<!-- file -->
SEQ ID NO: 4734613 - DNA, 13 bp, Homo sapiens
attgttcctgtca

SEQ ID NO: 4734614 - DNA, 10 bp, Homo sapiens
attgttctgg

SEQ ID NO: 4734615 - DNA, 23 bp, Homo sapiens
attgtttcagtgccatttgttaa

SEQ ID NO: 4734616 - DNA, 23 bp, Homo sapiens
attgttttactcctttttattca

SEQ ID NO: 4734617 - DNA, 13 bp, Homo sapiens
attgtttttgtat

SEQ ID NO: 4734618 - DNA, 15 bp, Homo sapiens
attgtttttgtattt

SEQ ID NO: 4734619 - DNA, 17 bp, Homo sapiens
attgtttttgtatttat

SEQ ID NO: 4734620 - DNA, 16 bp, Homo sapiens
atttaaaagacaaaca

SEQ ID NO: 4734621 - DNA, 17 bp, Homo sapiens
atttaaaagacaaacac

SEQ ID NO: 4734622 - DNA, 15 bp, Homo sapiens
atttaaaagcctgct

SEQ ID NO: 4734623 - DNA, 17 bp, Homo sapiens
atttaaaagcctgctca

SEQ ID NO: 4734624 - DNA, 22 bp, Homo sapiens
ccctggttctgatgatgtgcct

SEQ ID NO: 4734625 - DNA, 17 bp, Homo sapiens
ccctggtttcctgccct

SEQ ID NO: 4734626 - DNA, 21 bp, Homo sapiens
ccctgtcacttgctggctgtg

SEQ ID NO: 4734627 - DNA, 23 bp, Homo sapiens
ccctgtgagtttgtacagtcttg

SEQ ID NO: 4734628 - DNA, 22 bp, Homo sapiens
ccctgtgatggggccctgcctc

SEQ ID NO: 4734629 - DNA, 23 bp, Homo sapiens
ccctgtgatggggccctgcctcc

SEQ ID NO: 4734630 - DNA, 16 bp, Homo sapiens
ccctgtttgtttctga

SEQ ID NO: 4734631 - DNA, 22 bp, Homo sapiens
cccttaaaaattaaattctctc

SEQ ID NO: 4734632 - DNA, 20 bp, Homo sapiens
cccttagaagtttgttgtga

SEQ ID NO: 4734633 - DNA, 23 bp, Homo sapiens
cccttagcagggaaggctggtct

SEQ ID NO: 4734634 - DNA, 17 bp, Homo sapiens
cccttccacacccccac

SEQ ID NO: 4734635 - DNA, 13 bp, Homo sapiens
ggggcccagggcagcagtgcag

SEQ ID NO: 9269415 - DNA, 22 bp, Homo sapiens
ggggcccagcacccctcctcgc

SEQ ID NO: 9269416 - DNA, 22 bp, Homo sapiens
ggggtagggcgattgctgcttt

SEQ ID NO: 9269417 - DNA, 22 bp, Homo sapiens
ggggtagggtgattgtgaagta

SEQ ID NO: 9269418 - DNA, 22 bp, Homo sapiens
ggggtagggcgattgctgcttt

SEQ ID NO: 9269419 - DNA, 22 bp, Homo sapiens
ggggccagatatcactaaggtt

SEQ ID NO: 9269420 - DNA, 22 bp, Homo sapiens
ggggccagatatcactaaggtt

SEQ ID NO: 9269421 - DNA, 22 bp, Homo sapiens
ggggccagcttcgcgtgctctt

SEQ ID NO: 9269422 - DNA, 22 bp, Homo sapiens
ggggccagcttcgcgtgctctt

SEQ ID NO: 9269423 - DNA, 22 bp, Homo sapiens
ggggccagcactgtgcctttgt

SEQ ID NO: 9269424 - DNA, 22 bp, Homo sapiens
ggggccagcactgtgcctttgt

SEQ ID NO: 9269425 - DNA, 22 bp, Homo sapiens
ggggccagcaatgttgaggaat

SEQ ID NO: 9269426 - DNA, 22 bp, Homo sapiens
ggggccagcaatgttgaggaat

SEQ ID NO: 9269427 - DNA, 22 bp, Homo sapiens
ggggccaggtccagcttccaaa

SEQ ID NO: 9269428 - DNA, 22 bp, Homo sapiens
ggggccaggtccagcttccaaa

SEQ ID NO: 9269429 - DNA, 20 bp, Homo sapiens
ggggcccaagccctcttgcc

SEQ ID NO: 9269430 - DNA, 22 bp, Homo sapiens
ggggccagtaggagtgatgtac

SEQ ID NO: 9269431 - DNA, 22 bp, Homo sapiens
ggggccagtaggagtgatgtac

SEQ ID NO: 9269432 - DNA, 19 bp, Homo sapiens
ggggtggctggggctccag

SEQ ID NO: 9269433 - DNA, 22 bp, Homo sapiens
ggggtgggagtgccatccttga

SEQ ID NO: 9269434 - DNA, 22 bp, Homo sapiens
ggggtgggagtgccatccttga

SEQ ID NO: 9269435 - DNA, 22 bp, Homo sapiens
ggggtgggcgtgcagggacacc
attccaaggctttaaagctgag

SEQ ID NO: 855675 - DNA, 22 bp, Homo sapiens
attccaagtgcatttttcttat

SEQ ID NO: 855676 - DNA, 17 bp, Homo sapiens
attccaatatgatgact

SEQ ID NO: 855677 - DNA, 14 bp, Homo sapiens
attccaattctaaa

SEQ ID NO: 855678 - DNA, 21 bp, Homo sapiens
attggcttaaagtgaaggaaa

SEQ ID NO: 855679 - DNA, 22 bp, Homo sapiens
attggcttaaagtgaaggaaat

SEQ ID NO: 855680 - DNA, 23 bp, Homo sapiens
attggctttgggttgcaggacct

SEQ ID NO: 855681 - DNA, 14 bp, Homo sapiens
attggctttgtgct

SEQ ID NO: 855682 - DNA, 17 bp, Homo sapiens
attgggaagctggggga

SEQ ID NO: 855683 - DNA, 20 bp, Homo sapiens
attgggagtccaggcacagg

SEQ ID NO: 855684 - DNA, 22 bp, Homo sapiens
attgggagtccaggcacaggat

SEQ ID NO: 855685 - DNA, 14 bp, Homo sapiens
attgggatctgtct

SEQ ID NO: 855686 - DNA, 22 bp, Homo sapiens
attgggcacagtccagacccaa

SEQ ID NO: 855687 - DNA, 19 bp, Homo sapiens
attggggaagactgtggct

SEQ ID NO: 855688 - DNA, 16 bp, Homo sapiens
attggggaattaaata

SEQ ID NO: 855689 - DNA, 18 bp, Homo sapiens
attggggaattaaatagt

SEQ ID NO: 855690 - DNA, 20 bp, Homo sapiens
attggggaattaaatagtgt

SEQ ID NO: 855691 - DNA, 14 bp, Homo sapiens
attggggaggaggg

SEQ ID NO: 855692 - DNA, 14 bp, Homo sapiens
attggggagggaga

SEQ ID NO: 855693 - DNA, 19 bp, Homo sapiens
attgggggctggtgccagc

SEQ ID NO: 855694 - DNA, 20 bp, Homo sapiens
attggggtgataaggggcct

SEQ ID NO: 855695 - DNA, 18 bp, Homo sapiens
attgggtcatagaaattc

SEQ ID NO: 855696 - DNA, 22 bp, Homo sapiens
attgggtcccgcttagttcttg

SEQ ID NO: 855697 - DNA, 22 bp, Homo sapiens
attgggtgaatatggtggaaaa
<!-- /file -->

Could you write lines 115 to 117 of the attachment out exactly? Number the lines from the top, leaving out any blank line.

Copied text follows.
attggggaagactgtggct

SEQ ID NO: 855688 - DNA, 16 bp, Homo sapiens
attggggaattaaata